Thursday, May 12, 2011

Praises for and Pitfalls of the Combox

There are days when I know I am blowing-off every important activity in which I should be engaged.  Those days are marked by the number of times I write in a comment box on a favorite blog.  I comment because I want to be a part of the conversation, feel sassy, want to promote my blog, have something funny/mean/irreverent to say, or any combination of the above.

The internet makes commenting very easy.  Just imagine if you had to stop with a screaming toddler in a public place, to write something by hand, and put it in this thing every time you wanted to respond in a snarky way! 

Notice that I include three of them.  Comboxes multiply like rabbits on the internet.  I can, and sometimes do, comment on the site with the article, and referring site from which I arrived at the article, and any links sites at which I arrived because of the article.  It's like repeating to my son seven times that he needs to let the dogs outside, brush his teeth and put on his best clothes, before he actually does it.  Or more likely, before I can be certain that all steps have been followed.

There are also times when I'm certain that I am writing in a combox so I don't feel compelled to argue with my husband, a colleague, neighbor or friend.  Those of you who do the same know who you are.

And there are also the sentimental comments that fall into the category of, "I think you are really smart.  I wish you were my neighbor, colleague, or friend.  Will you like me as much as I like you?"  I fall into this sometimes by leaving my blog-link in a combox.  I always feel dirty when I do it.  It's too much like being one of the cranks at www.theblaze.com. 

Such are the pitfalls of comboxes.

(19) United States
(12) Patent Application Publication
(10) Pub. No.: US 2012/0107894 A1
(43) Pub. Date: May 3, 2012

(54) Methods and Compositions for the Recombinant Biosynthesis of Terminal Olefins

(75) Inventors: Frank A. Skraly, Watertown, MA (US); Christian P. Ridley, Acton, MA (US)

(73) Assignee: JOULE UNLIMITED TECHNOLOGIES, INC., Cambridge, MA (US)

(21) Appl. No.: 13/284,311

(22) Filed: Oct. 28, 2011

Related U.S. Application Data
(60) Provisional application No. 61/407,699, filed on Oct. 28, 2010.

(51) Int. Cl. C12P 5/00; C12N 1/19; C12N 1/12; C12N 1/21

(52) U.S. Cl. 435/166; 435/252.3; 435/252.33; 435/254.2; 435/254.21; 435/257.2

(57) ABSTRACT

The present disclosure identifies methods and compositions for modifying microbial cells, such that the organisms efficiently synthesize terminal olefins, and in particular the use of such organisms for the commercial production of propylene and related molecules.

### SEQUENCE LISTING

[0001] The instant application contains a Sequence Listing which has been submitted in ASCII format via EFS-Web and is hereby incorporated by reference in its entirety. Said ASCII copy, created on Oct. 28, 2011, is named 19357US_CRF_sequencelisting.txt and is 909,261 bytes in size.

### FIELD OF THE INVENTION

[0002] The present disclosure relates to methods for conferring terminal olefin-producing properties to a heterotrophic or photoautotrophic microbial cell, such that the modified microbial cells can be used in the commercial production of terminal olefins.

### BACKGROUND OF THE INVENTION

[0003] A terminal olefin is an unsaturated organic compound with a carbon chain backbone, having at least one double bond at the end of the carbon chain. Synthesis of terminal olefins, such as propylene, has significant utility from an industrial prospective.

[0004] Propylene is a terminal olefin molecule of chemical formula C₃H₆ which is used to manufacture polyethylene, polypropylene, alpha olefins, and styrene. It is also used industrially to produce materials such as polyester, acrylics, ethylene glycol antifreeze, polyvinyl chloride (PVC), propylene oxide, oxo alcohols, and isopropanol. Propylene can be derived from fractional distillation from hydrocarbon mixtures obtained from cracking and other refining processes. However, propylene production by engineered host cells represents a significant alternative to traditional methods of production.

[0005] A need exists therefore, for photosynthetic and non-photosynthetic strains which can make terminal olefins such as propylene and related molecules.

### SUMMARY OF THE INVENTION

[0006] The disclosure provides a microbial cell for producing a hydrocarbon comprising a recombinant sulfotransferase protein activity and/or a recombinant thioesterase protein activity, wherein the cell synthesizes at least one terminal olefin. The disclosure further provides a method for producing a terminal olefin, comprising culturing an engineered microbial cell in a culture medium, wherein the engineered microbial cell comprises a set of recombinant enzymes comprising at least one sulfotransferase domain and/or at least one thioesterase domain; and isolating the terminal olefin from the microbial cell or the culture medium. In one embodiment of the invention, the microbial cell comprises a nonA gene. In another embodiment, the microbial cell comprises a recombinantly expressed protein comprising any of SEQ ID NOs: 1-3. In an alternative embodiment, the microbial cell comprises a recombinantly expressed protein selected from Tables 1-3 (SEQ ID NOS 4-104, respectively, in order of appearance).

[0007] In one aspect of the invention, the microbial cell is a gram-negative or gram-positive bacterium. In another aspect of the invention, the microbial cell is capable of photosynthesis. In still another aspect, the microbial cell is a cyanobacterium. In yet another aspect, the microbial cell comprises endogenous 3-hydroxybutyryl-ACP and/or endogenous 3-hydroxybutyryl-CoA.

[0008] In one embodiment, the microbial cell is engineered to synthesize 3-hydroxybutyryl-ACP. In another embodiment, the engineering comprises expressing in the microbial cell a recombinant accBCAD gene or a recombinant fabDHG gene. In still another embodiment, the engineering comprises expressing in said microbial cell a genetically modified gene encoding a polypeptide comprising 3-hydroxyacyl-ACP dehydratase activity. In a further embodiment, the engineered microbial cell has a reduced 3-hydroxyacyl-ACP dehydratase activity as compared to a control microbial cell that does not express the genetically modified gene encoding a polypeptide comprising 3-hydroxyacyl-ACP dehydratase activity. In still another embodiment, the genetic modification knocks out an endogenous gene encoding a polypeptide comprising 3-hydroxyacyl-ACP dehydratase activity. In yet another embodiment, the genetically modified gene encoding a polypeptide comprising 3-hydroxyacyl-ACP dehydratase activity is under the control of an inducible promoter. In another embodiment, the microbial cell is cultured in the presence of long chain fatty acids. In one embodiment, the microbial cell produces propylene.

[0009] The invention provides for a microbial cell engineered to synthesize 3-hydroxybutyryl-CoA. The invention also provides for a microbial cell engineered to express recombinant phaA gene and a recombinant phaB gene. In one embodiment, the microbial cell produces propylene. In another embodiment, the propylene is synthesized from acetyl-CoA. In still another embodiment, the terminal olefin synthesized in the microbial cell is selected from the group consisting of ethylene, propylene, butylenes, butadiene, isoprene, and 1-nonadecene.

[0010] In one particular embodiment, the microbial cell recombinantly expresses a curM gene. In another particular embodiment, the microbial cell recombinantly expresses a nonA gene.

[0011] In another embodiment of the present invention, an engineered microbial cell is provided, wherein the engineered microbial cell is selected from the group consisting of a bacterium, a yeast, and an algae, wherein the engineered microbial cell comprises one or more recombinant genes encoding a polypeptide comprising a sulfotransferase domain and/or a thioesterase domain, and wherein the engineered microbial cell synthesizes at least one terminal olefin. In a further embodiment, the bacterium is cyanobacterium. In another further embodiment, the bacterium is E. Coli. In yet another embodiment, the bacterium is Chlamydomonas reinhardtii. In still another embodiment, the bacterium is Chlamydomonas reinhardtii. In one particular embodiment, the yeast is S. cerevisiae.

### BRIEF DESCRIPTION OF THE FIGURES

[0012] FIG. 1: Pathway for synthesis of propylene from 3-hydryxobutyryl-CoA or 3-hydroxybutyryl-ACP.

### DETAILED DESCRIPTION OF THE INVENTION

But what is worthy of praise in comboxes must be the information shared by those who actually know something.  It happens all the time.  I read an article, and then the combox discussion.  I notice that people who offer real information that is relevant tend to use something close to a real name. They are not ashamed or afraid to be known. 

Sometimes they seem to know the person.  Granted, sometimes  when a commenter seems to know the person writing the blog the comments are complimentary.  When that happens I often think they must be friends.  The whole thing seems to reek of face-book and starts to violate my trust in the blogger.

But overall, when a great combox discussion gets started, I feel like I'm at a fantasy cocktail party.  Everyone is engaged.  You may have to leave the conversation to say hello to the schmo that has a cubicle next to yours, but you make a point of spending time with the people who excite your intellect and stir the conversational pot.  Even the cranks at  the Blaze are like the crabby uncle in the corner that somebody felt certain it would be rude to exclude, even though he doesn't contribute more than the occasional request for someone to refill his drink.

So fill those comboxes.  Look for me at the party.  I'll be looking for you!

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